There has been adequate time to realise that “weeks not months” to formulate an industry-changing framework is simply inadequate, unfair and unreasonable.
ASIC’s Review of Retail Life Insurance Advice report (Report 413) identified that a driver of the replacement of existing life insurance policies was the incentive for the adviser to generate new upfront commission. The primary reason a three-year clawback arrangement has been proposed is to control the so-called incidence of ‘churning’.
Firstly, the proposed three-year clawback policy needs to be reduced to a maximum of two years. No other business is subject to such mandated control on potential cash flow risk.
Secondly, the initial commission level should be retained at 80 per cent with a 20 per cent renewal commission payment commencing from 1 January 2016. This will allow for small business owners to maintain the sustainability of their business.
These proposed amendments are based on ASIC’s findings within Report 413. The regulator found when any other form of commission other than upfront was used, the advice success rate achieved was 93 per cent and the fail rate was only 7 per cent.
Any logical or justifiable argument to reduce commissions further from the current hybrid option must be based on a consumer benefit and potential to receive a higher quality of risk insurance advice than the 93 per cent success found by ASIC.
There is simply no evidence from ASIC’s industry review to suggest that reducing commission rates below the current hybrid or level models results in the consumer receiving a higher quality of advice.
Thirdly, the consumer must not be disadvantaged in their access to quality and sustainable insurance advice. This will occur if the sustainability of small business is compromised. It will add to the significant underinsurance problem and result in an under-educated consumer regarding the need and benefit of financial protection.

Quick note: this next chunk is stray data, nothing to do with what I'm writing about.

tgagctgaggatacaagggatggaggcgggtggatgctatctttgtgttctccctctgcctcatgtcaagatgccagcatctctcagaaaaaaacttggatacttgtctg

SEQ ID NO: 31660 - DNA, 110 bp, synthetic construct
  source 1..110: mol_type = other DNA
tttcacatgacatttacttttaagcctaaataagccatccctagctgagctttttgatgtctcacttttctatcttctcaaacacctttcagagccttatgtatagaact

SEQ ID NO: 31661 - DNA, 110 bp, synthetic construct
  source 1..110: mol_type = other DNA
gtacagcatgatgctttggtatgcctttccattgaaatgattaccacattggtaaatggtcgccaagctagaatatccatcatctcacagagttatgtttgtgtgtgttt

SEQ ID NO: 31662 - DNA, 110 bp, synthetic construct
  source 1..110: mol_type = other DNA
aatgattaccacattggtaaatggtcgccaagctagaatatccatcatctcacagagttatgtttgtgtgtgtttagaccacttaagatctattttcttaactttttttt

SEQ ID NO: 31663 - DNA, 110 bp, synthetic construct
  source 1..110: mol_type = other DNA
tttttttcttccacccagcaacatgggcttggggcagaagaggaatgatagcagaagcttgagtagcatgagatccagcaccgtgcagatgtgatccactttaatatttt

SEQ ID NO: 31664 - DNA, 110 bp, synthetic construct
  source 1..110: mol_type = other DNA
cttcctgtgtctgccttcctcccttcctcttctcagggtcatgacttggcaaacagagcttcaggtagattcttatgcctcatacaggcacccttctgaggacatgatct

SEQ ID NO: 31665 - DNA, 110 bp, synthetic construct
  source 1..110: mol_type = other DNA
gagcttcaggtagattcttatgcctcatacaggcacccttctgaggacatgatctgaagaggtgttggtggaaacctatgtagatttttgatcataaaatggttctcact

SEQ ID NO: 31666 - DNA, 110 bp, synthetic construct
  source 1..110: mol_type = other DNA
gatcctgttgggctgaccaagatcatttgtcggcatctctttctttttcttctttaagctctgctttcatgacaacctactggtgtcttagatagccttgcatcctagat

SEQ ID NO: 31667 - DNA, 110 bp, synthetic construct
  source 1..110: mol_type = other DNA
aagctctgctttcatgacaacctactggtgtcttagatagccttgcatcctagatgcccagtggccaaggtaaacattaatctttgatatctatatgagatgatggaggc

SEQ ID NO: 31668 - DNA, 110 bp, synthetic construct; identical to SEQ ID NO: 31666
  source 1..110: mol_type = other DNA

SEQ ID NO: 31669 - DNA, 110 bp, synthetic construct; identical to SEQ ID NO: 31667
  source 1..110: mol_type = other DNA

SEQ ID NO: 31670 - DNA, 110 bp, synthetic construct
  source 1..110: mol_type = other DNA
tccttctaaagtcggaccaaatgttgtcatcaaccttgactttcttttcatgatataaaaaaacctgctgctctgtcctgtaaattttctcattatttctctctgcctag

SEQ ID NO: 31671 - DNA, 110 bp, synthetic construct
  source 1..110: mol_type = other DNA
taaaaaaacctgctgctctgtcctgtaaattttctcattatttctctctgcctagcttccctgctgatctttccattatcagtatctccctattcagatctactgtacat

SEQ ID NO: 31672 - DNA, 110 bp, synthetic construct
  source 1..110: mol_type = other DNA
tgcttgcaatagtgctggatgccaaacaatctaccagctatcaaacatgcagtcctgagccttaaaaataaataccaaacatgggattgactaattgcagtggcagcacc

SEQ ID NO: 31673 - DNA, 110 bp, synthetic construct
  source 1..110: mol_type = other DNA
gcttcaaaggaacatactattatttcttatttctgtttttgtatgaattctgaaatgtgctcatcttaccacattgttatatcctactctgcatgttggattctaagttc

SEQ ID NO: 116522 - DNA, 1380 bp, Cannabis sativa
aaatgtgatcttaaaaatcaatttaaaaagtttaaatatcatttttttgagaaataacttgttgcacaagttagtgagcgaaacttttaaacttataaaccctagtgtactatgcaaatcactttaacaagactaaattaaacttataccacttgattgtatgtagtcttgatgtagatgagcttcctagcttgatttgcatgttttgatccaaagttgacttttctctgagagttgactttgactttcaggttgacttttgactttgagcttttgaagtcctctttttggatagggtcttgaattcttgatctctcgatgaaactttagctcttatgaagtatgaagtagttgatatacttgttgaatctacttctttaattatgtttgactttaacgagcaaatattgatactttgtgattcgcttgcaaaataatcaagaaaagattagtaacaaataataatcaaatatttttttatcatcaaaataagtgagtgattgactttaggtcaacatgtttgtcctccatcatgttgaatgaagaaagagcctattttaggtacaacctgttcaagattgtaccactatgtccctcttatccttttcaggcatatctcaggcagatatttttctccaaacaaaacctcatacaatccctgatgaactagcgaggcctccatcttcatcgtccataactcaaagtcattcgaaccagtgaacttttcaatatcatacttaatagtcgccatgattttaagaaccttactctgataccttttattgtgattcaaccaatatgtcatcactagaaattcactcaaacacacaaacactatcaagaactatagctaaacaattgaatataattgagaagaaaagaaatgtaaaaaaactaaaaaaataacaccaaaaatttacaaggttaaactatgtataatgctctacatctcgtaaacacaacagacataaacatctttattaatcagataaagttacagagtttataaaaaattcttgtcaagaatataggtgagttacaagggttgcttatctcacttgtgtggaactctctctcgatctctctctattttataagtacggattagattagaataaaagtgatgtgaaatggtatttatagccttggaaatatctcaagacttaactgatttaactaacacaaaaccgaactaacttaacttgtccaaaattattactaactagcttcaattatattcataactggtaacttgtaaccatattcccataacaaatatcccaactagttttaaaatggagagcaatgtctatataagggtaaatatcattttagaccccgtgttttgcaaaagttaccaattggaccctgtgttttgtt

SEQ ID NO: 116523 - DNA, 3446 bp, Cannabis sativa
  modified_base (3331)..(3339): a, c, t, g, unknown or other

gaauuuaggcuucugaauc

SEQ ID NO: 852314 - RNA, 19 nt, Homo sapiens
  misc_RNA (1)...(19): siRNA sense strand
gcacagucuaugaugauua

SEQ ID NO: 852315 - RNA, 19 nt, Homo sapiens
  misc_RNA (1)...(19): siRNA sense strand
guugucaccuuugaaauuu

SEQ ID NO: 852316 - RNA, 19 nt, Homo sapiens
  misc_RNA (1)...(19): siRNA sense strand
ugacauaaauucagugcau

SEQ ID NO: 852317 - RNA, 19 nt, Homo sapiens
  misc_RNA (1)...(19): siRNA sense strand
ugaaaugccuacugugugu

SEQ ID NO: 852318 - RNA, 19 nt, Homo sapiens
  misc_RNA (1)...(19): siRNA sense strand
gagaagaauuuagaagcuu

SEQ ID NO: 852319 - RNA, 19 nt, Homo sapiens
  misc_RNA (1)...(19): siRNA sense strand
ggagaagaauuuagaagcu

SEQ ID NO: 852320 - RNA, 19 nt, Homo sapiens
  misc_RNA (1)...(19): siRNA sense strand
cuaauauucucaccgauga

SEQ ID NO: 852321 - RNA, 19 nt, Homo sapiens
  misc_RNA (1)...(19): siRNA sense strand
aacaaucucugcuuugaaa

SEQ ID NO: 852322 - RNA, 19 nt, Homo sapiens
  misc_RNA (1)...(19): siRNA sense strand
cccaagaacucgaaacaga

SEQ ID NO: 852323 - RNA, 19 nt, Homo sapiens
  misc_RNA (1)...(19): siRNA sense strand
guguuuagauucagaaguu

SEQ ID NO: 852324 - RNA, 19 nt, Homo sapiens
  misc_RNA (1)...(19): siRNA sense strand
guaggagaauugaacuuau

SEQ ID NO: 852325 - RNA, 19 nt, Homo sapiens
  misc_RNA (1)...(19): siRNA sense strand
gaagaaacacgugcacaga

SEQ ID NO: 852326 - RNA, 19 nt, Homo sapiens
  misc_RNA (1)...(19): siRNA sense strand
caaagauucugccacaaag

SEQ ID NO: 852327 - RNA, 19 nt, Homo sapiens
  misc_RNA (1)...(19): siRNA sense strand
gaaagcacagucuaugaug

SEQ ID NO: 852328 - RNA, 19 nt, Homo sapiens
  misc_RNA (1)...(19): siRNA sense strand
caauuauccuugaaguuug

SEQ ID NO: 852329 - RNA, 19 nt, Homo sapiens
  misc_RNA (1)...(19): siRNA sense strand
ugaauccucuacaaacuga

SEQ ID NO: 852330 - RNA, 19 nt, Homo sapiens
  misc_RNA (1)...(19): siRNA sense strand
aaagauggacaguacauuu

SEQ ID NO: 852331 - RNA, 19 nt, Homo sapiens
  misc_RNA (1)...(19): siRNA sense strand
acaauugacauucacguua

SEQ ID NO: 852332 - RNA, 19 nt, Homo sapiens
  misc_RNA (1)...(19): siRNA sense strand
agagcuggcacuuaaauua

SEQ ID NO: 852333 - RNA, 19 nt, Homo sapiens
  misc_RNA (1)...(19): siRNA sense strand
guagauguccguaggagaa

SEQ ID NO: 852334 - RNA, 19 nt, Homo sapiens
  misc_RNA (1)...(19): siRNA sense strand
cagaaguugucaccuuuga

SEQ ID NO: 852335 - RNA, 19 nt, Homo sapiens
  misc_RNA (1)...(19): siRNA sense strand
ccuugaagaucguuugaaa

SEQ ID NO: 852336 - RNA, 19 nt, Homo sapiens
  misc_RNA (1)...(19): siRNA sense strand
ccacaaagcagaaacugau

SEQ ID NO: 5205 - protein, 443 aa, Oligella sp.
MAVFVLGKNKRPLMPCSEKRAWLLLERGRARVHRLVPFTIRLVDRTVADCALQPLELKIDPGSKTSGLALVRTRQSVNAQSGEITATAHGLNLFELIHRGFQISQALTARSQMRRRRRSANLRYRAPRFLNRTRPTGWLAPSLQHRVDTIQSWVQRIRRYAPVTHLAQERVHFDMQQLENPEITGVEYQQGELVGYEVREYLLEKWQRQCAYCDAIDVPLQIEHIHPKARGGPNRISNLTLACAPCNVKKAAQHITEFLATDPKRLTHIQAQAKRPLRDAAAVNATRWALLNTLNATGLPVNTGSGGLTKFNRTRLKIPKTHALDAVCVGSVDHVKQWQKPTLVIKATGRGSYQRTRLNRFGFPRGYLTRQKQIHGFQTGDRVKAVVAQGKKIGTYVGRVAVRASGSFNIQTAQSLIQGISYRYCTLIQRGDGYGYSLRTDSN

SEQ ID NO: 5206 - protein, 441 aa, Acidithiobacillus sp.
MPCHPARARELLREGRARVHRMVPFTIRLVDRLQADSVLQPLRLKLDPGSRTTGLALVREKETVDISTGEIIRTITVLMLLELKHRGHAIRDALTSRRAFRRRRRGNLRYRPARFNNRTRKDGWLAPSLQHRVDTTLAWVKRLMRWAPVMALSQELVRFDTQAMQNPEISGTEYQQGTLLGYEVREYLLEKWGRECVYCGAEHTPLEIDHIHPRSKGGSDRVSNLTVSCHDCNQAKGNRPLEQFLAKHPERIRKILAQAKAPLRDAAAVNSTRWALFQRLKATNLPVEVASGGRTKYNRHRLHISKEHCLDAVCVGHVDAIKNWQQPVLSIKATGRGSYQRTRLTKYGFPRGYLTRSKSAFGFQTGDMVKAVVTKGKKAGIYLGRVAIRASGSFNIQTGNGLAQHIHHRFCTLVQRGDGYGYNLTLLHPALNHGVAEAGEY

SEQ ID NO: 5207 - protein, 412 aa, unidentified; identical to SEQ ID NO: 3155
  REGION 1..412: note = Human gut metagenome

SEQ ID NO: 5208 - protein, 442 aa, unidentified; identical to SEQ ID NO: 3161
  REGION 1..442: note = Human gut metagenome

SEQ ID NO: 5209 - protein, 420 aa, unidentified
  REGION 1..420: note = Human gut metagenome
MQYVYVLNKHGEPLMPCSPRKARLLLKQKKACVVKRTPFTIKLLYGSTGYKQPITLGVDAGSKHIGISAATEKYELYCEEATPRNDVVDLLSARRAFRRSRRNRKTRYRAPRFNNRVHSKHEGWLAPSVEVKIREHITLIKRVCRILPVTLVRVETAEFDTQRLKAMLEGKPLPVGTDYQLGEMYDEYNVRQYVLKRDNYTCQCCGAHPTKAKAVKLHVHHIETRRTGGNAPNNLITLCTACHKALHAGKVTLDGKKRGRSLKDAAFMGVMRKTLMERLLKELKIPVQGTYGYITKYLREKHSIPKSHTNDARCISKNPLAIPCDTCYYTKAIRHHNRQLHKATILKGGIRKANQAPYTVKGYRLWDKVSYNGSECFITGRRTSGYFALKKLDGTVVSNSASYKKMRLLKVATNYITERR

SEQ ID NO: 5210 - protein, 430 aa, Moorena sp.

In order to control the issue of policy churn and early policy replacement, it is essential the incentive is removed. The first priority is to ensure that any replacement of a policy within the first two-year period will only be subject to a maximum commission payment to the adviser of 20 per cent.
Removing the option of an adviser receiving any initial commission payment in regard to the replacement of an existing policy within the first two years removes the incentive to replace a policy of insurance for the purpose of generating additional commission.
The problem with the proposed three-year clawback is that it does nothing to discourage an adviser from replacing another adviser’s client’s policy as they may receive either 80, 70, or 60 per cent as an initial payment, even if the policy has only been in place for six months.
In this instance, the adviser replacing the policy would receive new initial commission, whilst the existing adviser is penalised with a full clawback of all the commission paid for the analysis, advice and implementation process of the original policy. The original adviser did not deliberately instigate the replacement of the policy and so has not ‘churned’ the policy, but the adviser who has replaced the policy, is incentivised to do so.
The proposed three-year clawback may encourage some existing advisers to consider the replacement of their own client’s existing policies within the third year from policy inception as the clawback loss of 30 per cent of the original commission paid on the initial first year’s premium is more than offset by the initial commission payment of 80,70 or 60 per cent for the replacement policy.